Tuesday, January 28, 2014

Cultural Back-Patting

The authors of a controversial new treatise on the superiority of certain cultures promote a dubious narrative about "model minorities." They wrongly give credence to blaming cultural values as the reason other groups are not succeeding.

from SayWhyDoi.com

In a buzzed-about New York Times column, Amy Chua (who first came to widespread fame -- or infamy -- with her "Tiger Mom" manifesto in 2011) and her husband Jed Rubenfeld opine on "What Drives Success." The authors promote eight cultures in America (an ethnic, religious, and racial grab bag of immigrant Chinese, Indians, Persians, Lebanese, Nigerians, Cubans, as well as Jews and Mormons) as being superior. These groups are better, say Chua and Rubenfeld, because they possess the "Triple Package" of having a "superiority complex," feelings of "inferiority," and have mastered "impulse control."

An elevated arch of the eyebrows in response to this "theory" is justified. The Triple Package is the latest example of pop sociology which can drive lively conversation at cocktail parties or dinner tables, but eschew rigorous documentation and verifiable fact in favor of sweeping generalizations and dubious conclusions drawn from personal anecdotes. It may be that these ideas are better fleshed out in the authors' upcoming book on this topic (several critical reviews I have read indicate they are not), but thus far what is presented has gaping holes or is often contradictory. Some examples that particularly galled me from the piece:
  • The essay opens by citing the fact that Indian-Americans earn double the national median household income, despite -- as noted a couple paragraphs later -- "almost half" of Indian immigrants not arriving in the U.S. via employment-based channels. Of course, flipping that on its head, over half of Indian immigrants to the U.S. arrive for sponsored work, and they (owing both to U.S. policy and self-selection of ambitious people who have the means to move to another country) are most frequently educated professionals in the fields of IT, engineering, business, and medicine. Meanwhile, by definition the national average includes unskilled laborers, high school and college dropouts, and other groups likely to be earning far less. So it is not particularly remarkable that Indian-Americans are relative high-earners. (And one would expect that intrinsic cultural values, if they were so important, would make a bigger dent in India's extreme poverty levels.)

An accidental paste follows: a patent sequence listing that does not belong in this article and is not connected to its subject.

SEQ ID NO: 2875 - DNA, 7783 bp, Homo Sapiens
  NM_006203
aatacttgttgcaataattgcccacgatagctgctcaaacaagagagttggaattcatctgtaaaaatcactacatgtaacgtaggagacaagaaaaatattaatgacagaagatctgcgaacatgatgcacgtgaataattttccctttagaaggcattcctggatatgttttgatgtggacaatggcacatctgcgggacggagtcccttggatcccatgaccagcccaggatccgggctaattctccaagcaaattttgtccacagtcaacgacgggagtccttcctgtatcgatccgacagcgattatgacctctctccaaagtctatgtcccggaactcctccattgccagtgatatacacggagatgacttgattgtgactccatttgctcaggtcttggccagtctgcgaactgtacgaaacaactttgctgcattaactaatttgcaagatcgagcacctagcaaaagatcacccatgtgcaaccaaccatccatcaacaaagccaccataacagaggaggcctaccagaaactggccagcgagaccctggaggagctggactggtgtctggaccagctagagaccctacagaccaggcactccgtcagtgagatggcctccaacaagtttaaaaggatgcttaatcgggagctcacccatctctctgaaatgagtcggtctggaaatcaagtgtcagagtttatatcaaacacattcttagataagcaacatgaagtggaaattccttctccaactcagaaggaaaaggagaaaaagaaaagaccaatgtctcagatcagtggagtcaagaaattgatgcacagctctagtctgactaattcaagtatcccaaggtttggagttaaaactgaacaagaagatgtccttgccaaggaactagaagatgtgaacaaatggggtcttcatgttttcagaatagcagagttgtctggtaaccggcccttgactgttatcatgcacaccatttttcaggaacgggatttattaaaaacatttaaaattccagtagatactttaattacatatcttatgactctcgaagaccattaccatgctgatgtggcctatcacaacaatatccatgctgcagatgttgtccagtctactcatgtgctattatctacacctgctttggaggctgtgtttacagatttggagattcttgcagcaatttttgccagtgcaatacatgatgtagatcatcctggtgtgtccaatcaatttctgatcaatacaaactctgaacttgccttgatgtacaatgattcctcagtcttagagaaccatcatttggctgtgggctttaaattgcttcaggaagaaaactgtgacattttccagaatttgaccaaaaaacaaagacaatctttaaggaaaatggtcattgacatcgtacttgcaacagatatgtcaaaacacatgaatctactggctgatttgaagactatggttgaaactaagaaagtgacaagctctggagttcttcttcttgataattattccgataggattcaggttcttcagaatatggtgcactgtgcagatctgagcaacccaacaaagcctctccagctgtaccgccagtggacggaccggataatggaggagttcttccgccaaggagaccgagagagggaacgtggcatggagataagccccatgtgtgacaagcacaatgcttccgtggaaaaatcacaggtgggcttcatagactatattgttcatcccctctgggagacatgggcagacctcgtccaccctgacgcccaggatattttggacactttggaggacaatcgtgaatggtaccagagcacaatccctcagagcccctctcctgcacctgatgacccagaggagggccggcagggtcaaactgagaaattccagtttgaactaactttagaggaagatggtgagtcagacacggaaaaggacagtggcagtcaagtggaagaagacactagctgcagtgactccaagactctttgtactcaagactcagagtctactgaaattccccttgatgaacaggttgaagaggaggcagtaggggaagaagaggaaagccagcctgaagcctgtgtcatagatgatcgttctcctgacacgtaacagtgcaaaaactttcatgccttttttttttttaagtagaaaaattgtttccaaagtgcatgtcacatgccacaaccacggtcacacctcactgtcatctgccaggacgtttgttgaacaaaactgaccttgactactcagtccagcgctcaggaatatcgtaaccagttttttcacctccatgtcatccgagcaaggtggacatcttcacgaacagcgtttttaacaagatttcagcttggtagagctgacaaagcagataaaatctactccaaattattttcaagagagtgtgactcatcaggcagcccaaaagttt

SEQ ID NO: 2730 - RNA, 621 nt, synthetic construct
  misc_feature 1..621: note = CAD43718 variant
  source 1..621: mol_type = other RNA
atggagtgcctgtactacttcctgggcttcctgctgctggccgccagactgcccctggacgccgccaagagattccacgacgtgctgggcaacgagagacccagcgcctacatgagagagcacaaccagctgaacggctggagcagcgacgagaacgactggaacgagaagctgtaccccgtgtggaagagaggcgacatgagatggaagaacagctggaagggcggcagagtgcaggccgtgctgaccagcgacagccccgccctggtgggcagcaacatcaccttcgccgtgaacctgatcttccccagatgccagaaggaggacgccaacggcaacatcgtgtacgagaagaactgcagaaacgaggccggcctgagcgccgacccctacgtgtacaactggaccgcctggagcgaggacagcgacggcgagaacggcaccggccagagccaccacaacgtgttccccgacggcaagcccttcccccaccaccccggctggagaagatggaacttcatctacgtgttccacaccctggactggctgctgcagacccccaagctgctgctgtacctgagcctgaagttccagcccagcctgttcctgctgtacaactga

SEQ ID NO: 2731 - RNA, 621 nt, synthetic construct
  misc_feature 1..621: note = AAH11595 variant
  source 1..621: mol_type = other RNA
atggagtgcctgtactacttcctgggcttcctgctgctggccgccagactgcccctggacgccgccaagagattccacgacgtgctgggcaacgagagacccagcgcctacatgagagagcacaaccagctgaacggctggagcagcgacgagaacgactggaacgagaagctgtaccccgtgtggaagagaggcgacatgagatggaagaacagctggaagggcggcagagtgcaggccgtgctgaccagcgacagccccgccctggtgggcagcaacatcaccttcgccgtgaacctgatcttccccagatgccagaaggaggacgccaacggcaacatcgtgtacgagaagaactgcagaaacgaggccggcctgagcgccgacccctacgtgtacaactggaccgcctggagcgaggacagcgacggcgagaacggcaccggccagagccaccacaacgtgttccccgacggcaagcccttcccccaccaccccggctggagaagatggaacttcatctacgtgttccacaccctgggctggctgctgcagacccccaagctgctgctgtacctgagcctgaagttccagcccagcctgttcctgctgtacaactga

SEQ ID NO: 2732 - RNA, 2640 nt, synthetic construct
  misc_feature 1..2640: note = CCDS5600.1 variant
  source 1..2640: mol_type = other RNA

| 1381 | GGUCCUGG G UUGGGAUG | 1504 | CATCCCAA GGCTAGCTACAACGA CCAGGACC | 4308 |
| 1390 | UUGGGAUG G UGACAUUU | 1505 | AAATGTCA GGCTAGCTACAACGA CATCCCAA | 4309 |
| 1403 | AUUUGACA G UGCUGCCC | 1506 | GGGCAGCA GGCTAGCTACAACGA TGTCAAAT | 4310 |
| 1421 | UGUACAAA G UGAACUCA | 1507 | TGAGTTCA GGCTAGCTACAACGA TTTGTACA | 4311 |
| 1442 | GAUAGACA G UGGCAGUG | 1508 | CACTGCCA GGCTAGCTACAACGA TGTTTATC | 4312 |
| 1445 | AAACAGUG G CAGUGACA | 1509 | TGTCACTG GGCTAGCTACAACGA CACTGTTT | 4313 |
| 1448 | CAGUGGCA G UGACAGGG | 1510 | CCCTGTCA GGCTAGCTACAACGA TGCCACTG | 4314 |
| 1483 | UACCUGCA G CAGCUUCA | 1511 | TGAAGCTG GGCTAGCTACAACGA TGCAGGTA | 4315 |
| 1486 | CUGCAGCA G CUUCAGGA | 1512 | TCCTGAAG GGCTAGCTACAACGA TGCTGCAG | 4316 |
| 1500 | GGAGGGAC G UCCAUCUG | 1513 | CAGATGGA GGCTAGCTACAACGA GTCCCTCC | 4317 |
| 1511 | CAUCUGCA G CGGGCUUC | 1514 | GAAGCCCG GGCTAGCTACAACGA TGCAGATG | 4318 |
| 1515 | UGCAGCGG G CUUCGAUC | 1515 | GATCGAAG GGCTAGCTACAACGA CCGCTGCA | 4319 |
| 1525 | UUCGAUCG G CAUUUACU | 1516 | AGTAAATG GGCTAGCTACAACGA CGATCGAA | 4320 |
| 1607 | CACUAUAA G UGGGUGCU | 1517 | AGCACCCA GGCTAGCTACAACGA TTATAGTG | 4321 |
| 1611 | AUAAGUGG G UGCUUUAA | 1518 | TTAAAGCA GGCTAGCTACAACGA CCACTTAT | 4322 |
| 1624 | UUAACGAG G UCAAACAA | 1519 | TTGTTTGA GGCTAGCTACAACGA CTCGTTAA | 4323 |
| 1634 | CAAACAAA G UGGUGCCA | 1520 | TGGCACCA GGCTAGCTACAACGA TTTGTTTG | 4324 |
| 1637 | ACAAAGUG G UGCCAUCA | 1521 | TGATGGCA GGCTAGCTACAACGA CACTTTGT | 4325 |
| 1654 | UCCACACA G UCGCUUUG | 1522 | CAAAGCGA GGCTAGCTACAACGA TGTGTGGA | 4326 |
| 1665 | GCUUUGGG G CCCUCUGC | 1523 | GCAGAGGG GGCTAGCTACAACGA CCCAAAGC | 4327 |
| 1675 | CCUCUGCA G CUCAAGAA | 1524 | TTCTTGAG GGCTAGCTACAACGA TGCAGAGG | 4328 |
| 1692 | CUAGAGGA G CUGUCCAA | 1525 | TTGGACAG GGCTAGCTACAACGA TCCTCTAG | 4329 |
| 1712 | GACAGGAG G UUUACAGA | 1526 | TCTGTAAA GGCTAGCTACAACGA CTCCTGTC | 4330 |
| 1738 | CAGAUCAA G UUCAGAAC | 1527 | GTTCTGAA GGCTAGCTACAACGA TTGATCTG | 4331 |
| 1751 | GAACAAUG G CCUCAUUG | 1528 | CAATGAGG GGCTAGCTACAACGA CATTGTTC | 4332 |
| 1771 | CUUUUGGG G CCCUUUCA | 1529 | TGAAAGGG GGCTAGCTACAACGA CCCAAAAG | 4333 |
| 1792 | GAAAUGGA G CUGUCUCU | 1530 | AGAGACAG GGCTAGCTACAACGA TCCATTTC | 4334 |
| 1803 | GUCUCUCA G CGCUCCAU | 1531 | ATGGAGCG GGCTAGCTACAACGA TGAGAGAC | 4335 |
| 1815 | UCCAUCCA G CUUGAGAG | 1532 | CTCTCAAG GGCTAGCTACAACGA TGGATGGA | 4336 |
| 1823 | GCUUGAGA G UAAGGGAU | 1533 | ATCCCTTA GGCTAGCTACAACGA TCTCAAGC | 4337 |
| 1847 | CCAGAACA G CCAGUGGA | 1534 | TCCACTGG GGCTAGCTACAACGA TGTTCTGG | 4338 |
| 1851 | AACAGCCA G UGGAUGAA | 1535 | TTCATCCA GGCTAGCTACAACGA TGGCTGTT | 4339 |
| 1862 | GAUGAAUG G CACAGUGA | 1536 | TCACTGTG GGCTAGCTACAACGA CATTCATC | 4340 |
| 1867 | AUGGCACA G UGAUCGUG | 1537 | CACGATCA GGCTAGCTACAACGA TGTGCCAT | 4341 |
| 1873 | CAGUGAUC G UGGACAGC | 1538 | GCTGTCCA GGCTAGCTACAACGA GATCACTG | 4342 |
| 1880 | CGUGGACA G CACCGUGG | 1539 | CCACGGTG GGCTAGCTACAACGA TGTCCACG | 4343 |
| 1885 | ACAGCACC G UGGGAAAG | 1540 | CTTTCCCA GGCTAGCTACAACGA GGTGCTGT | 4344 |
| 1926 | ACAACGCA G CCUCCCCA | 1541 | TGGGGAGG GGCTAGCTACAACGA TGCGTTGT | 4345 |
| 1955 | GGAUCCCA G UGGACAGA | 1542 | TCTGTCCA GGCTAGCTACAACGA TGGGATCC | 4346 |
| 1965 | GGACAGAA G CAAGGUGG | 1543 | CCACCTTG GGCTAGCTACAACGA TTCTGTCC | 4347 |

• Ignoring the self-selecting nature of immigration from India, China, etc. is a tremendous flaw in the Triple Package narrative. It causes the authors to celebrate the success of Cuban-Americans, who make up just 3.5% of American Hispanics, but count three U.S. Senators and scores of business leaders among their ranks. The article doesn't explain what cultural factors would differentiate Cuban immigrants from Mexican immigrants, many of the latter who face greater instability and hostility (factors Chua and Rubenfeld cite in favor of Cubans). Two important facts are ignored.
    • Cuban-American success has not been widespread -- research reveals a definite "bimodal distribution" of wealth accumulation by Cubans in the U.S. That is to say, there are equally significant groups of successful and not-very-successful segments of the Cuban-American population. In a lengthy and brilliant takedown of Chua and Rubenfeld by Time's Suketu Mehta, which I came across late in the process of writing this post, Mehta explains that the successful group was well-educated and professionally successful (and largely white) on their home island, while the unsuccessful group came from the Cuban prison population (largely darker-skinned) that arrived in a later wave.
    • Meanwhile, a significant proportion of Mexican-Americans were poor and poorly educated in their home country, and remain so here. The large number of undocumented Mexican migrants who arrived here crossing a land border are likely to remain poor in the U.S. since they have limited access to education and good jobs. Mehta quotes CUNY's Philip Kasinitz' rejoinder to those who draw the wrong conclusion about Mexican culture based on their immigrants' relative lack of success: "If Mexicans threw out the top 10% of their population into America, you'd be singing a different tune about Mexicans."
  • I am also hard-pressed to define a group (in this case, Asian-Americans) as "successful" when, as the authors note, they "reported the lowest self-esteem of any racial group." Chua and Rubenfeld may define success as being rich and earning an M.D. or an M.B.A., but even if you dismiss as touchy-feely the pursuit of happiness (along with creative pursuits, empathy, etc.), there is no economic advantage to creating a generation of miserable, self-loathing, and insecure people who became doctors and lawyers not because they wanted to and have a talent and passion for helping people, but because they were forced to. In the long-run that leads to a lower quality of care or service provided, and the children of these immigrants wind up rejecting those cultural values anyway. The authors do note that "that third-generation Asian-American students [perform] no better academically than white students." A culture that can't propagate itself is not successful.